Then, an etchant is added into the openings 80 and 81, thereby removing the separation layer 100 (see a cross-sectional view of FIG. 26A and a top view of FIG. 27; FIG. 26A is a cross-sectional view along A-B of FIG. 27). As the etchant, a gas or solution containing halogen fluoride or an interhalogen compound is used. For example, chlorine trifluoride (ClF3) is used as a gas containing halogen fluoride. Thus, the thin film integrated circuit 77 is separated from the substrate 1.

Next, one surface of the thin film integrated circuit 77 is stuck to a first base 83 so that the thin film integrated circuit 77 is completely separated from the substrate 1 (see FIG. 26B. FIG. 26B is a cross-sectional view along A-B of FIG. 27).

Subsequently, the opposite surface of the thin film integrated circuit 77 is stuck to a second base 84 so that the thin film integrated circuit 77 is sealed by the first base 83 and the second base 84 (see FIG. 28). Thus, a wireless chip is completed in which the thin film integrated circuit 77 is sealed by the first base 83 and the second base 84.

The first base 83 and the second base 84 each corresponds to a stacked film (which is formed of polypropylene, polyester, vinyl, polyvinyl fluoride, polyvinyl chloride or the like); fibrous paper; a stacked film of a base film (e.g., polyester, polyamide, an inorganic vapor-deposited film or paper) and an adhesive synthetic resin film (e.g., acrylic synthetic resin or epoxy synthetic resin); or the like. The stacked film is stacked over an object by thermal bonding for attachment. When stacking a stacked film over an object for attachment, an adhesive layer provided over the outmost surface of the stacked film or a layer (which is not an adhesive layer) provided over the outmost layer is welded by heat treatment, and pressure is applied thereto for attachment.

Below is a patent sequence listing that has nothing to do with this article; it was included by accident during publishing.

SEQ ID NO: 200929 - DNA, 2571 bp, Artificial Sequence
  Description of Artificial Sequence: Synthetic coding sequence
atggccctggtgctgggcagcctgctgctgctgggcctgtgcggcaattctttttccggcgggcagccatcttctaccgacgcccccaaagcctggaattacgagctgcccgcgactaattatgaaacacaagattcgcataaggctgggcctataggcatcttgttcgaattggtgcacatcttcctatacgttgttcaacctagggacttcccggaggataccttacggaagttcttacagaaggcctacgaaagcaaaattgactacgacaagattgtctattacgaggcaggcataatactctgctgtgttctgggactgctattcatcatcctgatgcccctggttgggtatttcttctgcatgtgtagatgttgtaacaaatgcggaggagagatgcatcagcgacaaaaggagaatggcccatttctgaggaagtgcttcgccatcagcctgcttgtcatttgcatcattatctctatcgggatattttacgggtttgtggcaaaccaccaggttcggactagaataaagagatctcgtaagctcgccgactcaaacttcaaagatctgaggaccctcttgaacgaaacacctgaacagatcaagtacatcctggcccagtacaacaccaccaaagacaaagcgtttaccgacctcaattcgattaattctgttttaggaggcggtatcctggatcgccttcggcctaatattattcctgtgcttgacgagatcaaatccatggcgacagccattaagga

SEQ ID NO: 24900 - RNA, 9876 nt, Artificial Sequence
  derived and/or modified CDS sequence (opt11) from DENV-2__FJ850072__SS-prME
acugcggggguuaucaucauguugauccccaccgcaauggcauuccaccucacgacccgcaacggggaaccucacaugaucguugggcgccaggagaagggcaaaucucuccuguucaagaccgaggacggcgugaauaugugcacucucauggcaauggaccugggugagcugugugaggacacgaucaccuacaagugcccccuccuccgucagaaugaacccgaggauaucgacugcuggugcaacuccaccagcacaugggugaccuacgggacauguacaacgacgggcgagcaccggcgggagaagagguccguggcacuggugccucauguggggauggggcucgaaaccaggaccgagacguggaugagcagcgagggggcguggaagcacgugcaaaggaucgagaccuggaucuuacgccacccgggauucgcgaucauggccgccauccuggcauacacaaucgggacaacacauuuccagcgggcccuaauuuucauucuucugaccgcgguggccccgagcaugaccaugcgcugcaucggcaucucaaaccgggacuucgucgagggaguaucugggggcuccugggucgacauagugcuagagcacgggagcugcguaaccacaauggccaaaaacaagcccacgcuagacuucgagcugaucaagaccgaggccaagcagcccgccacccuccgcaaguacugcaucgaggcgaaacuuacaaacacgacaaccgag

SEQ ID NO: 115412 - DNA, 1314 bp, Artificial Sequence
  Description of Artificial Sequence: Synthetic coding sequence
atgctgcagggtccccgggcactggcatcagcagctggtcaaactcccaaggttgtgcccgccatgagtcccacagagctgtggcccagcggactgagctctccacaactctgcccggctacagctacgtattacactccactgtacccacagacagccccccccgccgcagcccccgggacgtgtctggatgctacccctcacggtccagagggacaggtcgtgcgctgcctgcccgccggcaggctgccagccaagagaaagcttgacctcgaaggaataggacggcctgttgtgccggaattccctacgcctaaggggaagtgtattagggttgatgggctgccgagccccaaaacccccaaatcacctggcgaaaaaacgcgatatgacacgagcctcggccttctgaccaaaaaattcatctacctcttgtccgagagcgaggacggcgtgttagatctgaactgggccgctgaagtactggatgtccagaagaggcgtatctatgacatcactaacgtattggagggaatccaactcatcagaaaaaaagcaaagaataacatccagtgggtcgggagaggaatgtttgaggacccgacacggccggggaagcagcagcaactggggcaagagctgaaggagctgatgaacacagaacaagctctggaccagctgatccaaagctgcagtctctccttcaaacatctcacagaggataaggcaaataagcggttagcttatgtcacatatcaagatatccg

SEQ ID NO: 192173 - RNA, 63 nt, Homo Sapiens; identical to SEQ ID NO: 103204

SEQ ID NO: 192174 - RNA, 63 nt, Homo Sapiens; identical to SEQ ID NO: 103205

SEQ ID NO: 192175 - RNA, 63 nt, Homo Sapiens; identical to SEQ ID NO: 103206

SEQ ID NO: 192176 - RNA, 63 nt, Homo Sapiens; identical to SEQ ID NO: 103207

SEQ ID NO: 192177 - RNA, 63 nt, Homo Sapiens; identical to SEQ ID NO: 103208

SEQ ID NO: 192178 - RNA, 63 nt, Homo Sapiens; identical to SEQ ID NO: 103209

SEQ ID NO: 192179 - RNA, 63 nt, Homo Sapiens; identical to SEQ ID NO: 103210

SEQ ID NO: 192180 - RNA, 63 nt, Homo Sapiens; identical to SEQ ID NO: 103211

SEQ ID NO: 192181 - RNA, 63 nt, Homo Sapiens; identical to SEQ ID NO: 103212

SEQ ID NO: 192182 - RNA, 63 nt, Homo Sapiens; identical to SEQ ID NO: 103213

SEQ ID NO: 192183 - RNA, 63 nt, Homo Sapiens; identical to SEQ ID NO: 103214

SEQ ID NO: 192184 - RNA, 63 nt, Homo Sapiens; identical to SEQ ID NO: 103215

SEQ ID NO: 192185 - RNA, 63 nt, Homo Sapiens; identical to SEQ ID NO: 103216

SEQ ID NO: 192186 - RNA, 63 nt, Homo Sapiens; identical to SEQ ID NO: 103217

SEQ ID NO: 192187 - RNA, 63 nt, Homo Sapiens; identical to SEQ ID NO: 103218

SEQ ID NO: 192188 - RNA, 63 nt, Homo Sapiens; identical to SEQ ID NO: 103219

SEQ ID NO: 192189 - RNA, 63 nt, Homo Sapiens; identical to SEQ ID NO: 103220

Each surface of the first base 83 and the second base 84 may be provided with an adhesive layer or no adhesive layer. The adhesive layer corresponds to a layer containing an adhesive agent such as a heat-curing rein, an ultraviolet-curing resin, an epoxy resin adhesive or a resin adder.

Embodiment 10

Description is made below with reference to FIG. 29A to FIG. 31C on another manufacturing method of a semiconductor device which can be applied to the invention.

First, as shown in FIG. 29A, a base film 501 is deposited over a substrate 500. The substrate 500 may be a glass substrate formed of barium borosilicate glass or alumino borosilicate glass, a quartz substrate, a stainless substrate or the like. Alternatively, a substrate formed of plastics typified by PET, PES and PEN, or a flexible synthetic resin such as acrylic may be used.